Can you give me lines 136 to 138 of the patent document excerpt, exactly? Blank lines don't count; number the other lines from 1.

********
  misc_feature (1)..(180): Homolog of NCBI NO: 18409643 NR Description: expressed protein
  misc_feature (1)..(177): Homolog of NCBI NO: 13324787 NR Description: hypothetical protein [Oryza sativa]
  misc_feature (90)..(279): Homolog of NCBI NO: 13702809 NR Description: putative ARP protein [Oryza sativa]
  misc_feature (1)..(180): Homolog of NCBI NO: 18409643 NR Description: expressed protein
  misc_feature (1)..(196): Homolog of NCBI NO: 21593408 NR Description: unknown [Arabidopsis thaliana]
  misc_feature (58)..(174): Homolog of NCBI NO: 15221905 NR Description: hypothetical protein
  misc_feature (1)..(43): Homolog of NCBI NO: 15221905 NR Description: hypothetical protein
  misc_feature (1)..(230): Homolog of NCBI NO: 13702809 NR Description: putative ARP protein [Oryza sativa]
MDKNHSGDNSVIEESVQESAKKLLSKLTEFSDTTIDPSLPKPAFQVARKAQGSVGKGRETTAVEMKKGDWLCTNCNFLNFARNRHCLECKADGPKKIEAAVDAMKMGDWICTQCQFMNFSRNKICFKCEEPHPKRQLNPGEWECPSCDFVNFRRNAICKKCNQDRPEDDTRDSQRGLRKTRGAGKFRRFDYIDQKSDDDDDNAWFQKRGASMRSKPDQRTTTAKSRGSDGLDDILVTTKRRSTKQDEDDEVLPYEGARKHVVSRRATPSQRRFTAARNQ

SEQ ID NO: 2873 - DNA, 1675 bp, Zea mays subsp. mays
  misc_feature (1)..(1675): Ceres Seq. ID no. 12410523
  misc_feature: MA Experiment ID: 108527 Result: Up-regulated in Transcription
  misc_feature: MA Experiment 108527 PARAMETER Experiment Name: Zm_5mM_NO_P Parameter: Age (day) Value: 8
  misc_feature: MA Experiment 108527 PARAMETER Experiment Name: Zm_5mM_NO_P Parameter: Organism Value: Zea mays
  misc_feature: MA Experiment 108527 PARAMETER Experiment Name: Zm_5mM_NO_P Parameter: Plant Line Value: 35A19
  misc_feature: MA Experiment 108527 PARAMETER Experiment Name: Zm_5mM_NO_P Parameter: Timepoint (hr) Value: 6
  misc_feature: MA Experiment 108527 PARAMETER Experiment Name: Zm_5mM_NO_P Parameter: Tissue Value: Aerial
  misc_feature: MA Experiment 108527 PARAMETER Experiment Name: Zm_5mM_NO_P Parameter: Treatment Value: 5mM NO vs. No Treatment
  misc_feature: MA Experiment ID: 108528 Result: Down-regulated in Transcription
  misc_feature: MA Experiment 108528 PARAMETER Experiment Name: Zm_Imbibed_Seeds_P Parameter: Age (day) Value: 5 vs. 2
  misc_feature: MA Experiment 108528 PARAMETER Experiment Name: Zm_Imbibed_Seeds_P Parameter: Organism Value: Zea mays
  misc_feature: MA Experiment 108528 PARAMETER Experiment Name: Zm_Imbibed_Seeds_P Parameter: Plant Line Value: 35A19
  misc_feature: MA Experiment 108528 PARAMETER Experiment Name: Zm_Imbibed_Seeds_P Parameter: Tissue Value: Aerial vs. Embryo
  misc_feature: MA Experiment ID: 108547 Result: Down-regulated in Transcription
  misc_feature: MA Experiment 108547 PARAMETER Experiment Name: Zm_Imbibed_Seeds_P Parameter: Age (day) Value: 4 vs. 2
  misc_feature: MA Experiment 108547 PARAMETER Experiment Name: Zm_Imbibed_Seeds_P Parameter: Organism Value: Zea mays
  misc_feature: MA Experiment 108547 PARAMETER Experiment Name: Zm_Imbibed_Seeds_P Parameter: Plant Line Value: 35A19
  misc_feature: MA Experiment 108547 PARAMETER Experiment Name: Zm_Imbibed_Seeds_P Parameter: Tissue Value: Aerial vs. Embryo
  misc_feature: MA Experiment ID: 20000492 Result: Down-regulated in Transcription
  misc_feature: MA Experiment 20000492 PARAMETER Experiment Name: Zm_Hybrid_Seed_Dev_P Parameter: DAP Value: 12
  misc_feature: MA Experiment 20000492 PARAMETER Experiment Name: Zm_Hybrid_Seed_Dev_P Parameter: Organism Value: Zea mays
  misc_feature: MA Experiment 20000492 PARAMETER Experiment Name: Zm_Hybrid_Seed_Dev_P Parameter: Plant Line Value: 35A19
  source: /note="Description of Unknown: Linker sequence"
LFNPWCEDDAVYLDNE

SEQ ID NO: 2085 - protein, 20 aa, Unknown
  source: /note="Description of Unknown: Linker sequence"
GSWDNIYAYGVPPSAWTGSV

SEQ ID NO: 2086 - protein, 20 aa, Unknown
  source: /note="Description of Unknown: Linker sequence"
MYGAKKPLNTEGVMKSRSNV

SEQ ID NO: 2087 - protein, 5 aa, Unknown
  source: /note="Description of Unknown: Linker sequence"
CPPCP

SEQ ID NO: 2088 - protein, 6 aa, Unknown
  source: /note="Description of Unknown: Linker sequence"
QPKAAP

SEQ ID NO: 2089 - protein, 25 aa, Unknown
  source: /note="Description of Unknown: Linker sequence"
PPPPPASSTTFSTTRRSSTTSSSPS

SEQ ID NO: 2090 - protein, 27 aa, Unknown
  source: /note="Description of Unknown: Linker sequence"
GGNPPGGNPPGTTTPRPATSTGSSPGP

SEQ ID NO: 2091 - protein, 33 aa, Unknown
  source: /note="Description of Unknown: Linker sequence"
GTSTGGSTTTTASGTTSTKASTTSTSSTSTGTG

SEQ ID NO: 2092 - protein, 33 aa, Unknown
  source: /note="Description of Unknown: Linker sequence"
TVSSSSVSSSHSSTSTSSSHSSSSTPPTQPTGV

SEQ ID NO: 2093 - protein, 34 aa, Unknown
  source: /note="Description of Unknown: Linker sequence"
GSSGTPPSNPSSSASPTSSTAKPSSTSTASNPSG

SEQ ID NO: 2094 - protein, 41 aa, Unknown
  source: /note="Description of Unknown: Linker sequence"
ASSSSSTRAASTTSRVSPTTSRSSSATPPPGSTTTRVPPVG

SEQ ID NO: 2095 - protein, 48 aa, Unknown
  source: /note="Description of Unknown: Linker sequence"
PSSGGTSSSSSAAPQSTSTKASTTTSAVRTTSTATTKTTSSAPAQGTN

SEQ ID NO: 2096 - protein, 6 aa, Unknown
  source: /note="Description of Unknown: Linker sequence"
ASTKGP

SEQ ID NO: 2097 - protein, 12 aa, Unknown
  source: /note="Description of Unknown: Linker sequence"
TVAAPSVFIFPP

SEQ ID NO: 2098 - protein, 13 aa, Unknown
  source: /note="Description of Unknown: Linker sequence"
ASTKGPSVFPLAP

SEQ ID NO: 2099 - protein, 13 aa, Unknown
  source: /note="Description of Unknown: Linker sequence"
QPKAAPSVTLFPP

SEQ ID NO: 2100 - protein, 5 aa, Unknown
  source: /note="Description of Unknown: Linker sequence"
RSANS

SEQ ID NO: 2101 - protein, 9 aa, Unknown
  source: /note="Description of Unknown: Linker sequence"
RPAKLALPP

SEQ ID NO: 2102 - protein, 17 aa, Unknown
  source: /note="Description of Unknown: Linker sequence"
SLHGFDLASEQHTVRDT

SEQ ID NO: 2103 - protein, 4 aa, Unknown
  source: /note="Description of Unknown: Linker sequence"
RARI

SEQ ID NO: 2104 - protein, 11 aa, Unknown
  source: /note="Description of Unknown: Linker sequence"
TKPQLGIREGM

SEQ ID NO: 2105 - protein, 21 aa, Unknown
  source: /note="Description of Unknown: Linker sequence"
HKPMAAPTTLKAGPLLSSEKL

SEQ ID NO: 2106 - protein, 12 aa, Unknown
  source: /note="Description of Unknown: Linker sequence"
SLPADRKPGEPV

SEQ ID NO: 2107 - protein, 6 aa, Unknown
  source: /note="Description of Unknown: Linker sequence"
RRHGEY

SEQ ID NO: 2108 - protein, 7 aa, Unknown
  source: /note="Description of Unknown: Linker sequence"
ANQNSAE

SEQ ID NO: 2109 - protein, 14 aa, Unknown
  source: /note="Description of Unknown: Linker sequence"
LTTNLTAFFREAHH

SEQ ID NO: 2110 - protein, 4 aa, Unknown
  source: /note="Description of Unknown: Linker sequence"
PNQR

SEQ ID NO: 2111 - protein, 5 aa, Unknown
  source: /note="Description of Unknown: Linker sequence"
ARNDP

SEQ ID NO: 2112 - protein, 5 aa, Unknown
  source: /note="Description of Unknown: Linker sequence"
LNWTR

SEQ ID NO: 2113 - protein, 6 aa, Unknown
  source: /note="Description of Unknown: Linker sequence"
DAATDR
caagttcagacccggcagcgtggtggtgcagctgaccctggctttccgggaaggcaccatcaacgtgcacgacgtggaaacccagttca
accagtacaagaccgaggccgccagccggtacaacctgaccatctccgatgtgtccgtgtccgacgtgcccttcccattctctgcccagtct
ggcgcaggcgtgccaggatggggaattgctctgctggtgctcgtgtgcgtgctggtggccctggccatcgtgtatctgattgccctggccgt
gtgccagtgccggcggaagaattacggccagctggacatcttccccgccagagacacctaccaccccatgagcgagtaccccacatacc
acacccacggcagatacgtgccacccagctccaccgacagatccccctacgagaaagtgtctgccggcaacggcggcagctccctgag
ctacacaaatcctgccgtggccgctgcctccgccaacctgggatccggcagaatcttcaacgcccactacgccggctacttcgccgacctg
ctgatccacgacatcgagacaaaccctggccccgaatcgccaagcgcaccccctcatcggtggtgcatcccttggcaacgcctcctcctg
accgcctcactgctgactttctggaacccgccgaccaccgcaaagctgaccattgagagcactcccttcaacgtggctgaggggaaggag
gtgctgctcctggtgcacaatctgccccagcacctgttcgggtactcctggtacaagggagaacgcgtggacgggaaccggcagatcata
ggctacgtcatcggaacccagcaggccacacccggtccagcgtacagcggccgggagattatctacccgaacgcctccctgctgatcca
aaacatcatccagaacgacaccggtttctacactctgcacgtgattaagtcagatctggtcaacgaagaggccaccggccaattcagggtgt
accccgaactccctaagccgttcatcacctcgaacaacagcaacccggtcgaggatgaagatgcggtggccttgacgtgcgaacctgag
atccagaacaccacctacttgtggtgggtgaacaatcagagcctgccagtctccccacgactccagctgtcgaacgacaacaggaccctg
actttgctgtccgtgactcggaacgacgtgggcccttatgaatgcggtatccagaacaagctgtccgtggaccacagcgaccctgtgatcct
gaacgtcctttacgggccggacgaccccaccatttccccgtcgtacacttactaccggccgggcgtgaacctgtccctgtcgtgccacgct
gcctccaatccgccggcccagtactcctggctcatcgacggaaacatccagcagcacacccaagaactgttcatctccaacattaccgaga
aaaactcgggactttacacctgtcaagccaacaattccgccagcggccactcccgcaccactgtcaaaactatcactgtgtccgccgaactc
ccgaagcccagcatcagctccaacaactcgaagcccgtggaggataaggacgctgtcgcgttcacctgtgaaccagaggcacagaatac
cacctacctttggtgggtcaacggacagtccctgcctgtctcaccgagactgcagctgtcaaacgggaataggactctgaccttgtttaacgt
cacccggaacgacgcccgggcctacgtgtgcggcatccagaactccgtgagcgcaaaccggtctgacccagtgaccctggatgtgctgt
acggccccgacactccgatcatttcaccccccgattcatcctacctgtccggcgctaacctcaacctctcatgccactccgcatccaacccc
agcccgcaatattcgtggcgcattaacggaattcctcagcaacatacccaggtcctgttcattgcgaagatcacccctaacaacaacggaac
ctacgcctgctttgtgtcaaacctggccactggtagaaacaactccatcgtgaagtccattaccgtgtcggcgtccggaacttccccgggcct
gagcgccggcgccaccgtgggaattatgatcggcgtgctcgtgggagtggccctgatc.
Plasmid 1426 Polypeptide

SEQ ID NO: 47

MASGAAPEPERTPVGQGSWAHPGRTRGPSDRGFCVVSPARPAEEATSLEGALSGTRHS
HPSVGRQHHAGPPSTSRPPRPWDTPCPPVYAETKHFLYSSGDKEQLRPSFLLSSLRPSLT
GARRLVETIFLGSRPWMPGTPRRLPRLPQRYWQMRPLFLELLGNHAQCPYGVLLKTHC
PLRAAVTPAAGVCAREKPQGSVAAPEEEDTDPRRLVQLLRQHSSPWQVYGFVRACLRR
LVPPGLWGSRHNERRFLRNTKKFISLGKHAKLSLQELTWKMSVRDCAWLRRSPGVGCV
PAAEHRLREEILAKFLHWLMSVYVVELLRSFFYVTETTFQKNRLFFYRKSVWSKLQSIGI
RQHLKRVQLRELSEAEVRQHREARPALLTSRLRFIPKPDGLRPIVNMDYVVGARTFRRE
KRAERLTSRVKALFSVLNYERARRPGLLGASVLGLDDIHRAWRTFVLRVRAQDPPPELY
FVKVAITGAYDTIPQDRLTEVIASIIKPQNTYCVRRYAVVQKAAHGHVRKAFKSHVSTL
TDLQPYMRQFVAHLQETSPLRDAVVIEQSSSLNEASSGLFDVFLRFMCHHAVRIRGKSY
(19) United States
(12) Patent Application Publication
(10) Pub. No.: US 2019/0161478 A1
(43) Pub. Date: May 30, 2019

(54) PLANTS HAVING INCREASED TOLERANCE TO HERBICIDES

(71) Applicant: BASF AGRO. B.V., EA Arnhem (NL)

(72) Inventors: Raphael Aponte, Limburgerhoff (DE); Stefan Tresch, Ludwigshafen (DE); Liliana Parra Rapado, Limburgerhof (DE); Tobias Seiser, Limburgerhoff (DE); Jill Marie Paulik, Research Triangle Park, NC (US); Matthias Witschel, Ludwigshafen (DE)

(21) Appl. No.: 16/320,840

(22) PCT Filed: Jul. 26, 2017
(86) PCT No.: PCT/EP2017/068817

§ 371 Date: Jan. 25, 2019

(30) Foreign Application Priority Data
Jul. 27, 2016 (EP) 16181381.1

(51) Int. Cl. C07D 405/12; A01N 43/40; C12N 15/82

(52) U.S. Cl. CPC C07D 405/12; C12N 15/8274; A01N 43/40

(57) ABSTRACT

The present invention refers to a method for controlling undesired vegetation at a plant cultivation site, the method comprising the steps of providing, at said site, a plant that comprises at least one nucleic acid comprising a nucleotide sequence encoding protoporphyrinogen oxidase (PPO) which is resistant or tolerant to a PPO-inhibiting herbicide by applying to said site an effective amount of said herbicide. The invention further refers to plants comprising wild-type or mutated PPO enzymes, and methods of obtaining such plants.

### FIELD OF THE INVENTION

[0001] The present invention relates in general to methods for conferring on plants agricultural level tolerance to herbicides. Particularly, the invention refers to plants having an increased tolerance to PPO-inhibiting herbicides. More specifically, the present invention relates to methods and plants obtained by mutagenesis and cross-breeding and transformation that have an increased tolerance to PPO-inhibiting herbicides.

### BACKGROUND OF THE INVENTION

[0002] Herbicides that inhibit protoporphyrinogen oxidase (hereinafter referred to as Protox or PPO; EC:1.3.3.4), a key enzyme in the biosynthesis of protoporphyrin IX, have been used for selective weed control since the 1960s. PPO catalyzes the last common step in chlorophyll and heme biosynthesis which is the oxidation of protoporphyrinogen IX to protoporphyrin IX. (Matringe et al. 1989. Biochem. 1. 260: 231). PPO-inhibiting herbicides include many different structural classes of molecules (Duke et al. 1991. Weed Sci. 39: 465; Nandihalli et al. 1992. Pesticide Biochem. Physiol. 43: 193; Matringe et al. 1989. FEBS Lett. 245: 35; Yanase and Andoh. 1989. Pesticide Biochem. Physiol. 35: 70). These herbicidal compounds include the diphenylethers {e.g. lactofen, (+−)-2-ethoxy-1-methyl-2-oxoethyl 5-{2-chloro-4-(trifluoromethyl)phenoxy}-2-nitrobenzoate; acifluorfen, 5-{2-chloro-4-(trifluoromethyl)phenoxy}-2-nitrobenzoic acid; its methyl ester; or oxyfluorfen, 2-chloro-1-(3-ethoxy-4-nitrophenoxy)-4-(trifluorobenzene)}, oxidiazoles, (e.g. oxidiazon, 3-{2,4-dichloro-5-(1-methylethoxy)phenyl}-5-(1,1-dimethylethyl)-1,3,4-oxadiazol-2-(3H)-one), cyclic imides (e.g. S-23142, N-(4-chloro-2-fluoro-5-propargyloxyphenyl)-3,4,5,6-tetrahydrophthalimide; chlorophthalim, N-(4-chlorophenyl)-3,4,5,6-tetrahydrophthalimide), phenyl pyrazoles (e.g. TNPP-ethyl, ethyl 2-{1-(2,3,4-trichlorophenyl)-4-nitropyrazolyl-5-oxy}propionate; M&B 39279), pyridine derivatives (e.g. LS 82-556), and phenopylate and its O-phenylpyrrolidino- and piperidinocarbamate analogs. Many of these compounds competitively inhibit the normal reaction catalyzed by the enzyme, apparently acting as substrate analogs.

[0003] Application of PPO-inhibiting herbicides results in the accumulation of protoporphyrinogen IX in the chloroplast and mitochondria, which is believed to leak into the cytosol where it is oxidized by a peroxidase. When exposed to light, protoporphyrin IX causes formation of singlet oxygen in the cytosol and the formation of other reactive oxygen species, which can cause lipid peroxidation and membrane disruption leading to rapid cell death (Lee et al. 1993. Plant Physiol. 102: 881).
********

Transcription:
gaacgtcctttacgggccggacgaccccaccatttccccgtcgtacacttactaccggccgggcgtgaacctgtccctgtcgtgccacgct
gcctccaatccgccggcccagtactcctggctcatcgacggaaacatccagcagcacacccaagaactgttcatctccaacattaccgaga
aaaactcgggactttacacctgtcaagccaacaattccgccagcggccactcccgcaccactgtcaaaactatcactgtgtccgccgaactc